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Anatoly Karpov vs Garry Kasparov
"Rated G" (game of the day Mar-26-2011)
Linares (1993), Linares ESP, rd 10, Mar-09
King's Indian Defense: Saemisch Variation (E86)  ·  0-1
ANALYSIS [x]

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Kibitzer's Corner
< Earlier Kibitzing  · PAGE 6 OF 6 ·  Later Kibitzing>
Nov-29-14
Premium Chessgames Member
  Tabanus: Picture from this game:

https://pbs.twimg.com/media/B3jCUDl...

Jun-22-15  RookFile: Karpov was right about the promotion. Making the move correctly was Kaparov's problem. The fact that another queen was not instantly available should have been his problem, not Karpov's.
Jul-05-15  SpiritedReposte: More like rated X! Just nasty play from Kasparov.
Sep-06-15
Premium Chessgames Member
  whiteshark: <14...b4!> When playing dxe5? it was rumoured that Karpov missed this. Kasparov was more to the point: <"Did he expect me to resign?"> !!
Sep-06-15
Premium Chessgames Member
  whiteshark: <Notagm: How about 18Qxb4, not only winning a pawn, but more importantly, putting the Queen on a better square>

The tactical justification of the second pawn sacrifice is based on hard-to see- moves, <18...c5! 19.Bxc5 Nxc5!>


click for larger view

which is a -again- puzzle in itself.

Sep-16-15  Rookiepawn: <Notagm: How about 18Qxb4, not only winning a pawn, but more importantly, putting the Queen on a better square>

The problem seems to be the lost of control on e3, a jump of the BN there would threaten too many things: the WR on e1 and c2. That's why W tries to get rid of it first with 18. h3.

Feb-27-16  yurikvelo: 14.f4? - decisive Karpov mistake.
15.Nb1? only shortened lose

full game multiPV: http://pastebin.com/5q9bhvXv

<How about 18Qxb4, not only winning a pawn, but more importantly, putting the Queen on a better square> 18. .. Ne3! and white cannot prevent Nc2+ "fork":
19. Rd2 Nc2+ 20. Rxc2 Rxc2
Black have R vs NP.
Furthemore black force exchange of black Bishop (at a6) for white Rook h1. Estimated is +M39

Dec-02-17  Saniyat24: One of the best puns, for sure...!
Dec-02-17  Saniyat24: ha ha 19.Qg1...only Karpov can think of this...!
Dec-02-17  Howard: For the record, Inside Chess stated back in 1989 that Karpov knew "how to use the first rank better than anyone--past or present".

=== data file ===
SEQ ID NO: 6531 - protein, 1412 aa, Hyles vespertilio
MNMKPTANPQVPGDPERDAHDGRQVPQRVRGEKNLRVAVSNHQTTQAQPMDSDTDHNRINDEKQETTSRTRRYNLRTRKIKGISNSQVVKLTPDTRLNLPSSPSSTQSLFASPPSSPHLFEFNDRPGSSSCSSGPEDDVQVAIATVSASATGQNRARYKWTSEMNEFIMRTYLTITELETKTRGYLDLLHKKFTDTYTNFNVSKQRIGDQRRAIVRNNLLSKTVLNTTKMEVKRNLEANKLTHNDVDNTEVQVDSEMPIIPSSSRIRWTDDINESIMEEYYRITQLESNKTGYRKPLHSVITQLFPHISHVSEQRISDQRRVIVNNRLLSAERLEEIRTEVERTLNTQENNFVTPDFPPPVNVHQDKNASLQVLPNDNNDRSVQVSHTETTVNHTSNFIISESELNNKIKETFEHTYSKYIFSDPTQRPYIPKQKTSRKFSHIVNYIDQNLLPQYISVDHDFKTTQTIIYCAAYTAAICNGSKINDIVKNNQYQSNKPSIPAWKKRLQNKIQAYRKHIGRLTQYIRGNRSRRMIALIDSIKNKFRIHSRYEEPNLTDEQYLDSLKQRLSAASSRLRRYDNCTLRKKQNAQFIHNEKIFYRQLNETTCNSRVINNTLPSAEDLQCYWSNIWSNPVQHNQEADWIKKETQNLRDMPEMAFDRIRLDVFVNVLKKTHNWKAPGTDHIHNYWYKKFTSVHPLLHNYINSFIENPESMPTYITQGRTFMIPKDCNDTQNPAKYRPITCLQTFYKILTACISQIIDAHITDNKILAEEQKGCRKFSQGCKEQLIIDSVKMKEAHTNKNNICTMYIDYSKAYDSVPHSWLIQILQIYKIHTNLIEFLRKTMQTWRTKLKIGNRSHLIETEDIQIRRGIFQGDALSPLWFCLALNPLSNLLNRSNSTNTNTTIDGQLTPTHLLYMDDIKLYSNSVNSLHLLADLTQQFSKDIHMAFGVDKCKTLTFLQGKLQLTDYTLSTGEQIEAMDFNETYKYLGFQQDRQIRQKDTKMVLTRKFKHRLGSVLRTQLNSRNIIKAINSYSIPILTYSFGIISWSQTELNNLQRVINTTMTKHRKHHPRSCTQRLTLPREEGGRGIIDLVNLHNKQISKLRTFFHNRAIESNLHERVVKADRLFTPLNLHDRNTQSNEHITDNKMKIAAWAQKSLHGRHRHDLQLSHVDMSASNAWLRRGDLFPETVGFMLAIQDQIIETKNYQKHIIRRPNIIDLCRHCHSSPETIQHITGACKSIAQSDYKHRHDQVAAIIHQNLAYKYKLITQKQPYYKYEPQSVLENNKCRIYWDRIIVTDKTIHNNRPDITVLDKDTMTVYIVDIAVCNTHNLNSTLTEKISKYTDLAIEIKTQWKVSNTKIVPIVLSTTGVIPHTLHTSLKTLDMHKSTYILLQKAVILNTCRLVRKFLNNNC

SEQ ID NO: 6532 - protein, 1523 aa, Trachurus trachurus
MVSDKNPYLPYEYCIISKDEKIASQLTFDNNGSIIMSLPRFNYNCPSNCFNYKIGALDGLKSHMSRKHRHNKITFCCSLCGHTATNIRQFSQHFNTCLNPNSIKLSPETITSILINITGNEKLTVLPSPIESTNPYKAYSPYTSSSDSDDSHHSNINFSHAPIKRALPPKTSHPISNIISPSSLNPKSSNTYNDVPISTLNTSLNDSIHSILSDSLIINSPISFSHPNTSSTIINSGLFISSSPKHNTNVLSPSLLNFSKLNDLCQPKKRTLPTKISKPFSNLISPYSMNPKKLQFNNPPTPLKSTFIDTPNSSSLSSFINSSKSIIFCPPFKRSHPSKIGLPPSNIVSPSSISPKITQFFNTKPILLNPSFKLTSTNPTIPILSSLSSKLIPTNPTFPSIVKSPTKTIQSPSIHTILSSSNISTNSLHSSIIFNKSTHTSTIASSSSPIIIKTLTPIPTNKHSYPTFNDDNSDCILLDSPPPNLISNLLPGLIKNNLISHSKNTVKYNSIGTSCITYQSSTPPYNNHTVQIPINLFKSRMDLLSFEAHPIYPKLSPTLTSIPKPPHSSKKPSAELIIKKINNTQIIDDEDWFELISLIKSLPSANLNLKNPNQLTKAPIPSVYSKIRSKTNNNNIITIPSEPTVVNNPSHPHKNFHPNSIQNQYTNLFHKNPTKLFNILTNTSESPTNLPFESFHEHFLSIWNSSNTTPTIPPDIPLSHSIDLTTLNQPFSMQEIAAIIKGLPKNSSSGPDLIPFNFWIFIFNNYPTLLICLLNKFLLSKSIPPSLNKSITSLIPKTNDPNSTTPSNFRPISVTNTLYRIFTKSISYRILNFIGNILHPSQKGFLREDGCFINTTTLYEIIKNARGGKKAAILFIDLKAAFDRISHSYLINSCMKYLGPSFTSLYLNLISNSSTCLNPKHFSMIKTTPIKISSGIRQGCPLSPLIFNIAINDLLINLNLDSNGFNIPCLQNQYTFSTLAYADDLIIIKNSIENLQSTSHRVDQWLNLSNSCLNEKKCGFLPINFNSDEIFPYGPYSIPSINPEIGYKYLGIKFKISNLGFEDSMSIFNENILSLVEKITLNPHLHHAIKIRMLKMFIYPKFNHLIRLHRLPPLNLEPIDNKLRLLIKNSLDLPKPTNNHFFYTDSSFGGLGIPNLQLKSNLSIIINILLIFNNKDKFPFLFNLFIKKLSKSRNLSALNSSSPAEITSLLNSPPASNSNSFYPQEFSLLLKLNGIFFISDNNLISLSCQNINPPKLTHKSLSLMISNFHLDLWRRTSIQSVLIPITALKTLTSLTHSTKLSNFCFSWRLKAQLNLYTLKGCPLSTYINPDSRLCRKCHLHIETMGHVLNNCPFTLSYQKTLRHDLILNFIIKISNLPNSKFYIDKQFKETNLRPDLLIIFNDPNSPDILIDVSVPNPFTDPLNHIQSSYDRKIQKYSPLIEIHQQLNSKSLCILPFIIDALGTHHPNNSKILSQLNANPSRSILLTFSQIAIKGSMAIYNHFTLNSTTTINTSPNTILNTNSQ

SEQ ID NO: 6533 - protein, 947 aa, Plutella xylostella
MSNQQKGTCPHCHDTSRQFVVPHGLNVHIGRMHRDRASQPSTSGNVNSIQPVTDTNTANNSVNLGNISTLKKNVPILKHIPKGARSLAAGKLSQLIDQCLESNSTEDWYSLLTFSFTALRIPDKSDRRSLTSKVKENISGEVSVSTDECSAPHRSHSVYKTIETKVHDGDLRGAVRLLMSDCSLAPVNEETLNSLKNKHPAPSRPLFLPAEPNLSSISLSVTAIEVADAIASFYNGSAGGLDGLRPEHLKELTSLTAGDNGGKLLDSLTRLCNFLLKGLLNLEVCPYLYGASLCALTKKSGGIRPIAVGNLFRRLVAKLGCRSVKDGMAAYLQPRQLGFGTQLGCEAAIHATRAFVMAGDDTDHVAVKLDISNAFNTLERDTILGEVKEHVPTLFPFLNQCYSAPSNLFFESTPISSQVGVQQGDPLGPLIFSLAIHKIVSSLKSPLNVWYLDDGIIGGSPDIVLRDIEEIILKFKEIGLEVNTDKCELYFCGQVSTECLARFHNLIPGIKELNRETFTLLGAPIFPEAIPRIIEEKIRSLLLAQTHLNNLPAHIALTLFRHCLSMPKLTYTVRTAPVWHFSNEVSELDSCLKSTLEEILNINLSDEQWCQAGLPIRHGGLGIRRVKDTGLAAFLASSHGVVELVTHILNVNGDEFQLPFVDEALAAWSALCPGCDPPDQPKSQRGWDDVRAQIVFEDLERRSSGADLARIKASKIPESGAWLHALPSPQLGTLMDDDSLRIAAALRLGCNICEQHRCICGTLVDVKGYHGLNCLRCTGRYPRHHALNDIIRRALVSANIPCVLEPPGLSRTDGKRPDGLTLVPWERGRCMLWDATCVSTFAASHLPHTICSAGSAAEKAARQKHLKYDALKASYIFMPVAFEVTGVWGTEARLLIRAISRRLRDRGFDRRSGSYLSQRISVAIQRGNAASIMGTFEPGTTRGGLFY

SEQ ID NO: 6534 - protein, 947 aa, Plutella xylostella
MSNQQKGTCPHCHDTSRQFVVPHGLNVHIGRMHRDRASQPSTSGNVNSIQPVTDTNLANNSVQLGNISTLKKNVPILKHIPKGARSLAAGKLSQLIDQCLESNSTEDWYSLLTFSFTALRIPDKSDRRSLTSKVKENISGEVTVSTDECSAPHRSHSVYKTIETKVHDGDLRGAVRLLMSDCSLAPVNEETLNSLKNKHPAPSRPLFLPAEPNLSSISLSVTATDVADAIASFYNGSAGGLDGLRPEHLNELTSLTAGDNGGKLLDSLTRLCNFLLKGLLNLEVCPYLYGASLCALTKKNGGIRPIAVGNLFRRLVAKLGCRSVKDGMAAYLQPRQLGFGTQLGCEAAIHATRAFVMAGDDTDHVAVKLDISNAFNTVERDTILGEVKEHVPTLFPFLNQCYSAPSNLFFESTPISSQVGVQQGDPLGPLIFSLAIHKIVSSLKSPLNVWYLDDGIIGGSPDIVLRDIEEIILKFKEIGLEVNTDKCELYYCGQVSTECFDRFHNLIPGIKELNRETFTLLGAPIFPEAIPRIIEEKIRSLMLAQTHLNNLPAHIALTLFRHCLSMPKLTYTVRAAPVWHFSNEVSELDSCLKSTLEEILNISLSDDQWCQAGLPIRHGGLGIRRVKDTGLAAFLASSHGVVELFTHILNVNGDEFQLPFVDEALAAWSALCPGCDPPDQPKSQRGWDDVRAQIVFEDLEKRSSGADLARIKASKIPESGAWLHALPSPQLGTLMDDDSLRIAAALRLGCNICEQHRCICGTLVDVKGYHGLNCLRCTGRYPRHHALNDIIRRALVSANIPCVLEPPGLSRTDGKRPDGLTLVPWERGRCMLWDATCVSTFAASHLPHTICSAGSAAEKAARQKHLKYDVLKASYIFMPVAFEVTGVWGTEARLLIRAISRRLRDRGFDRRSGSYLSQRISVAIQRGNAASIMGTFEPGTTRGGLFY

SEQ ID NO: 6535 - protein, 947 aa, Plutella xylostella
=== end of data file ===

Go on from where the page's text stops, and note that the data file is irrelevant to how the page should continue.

Whether his 19.Qg1 move is a valid example of that, may be debatable though. But I can recall at least several instances of Karpov making a strong first-rank move.

Game 9 of Karpov-Spassky is a very typical example! Remember how he retreated a knight to b1 in that game ?!

Dec-02-17
Premium Chessgames Member
  MissScarlett: How about L Christiansen vs Karpov, 1993?
Dec-02-17  Howard: You may be overlooking one little thing...it was Christiansen who effectively utilized the first rank in that game---it certainly wasn't Karpov!
Dec-02-17
Premium Chessgames Member
  MissScarlett: You may be overlooking one little thing - irony.
Dec-20-17
Premium Chessgames Member
  Penguincw: Interesting event in this game, and it turned into a <cg> Holiday Puzzle clue:

< " ... In this game Kasparov intended to play 24...cxd1=Q+ but without a second queen handy, he pointed to the black pawn and said "Ferz!" (Russian for the queen chess piece). According to some accounts, Karpov then cheekily played QxN, pointing to the pawn and saying "Slon!" (Russian for elephant, i.e. bishop). The clocks were stopped, and an arbiter quickly located a second queen. Karpov was given an extra two minutes as Kasparov's play was a technical infraction, but Kasparov won in a few more moves." >

(2017, #48)

Dec-21-17  WorstPlayerEver: Kasparov's play was not an infraction, though. It just makes clear that the FIDE are a bunch of jerks for not supplying a second Queen during a WCC.

Let's say Brasil plays the final against Germany, and they have to wait for a second ball for a while, when something happens to the ball in play.

It's completely ridiculous.

Dec-21-17  Olavi: <WorstPlayerEver: It just makes clear that the FIDE are a bunch of jerks for not supplying a second Queen during a WCC.>

When did the FIDE do that?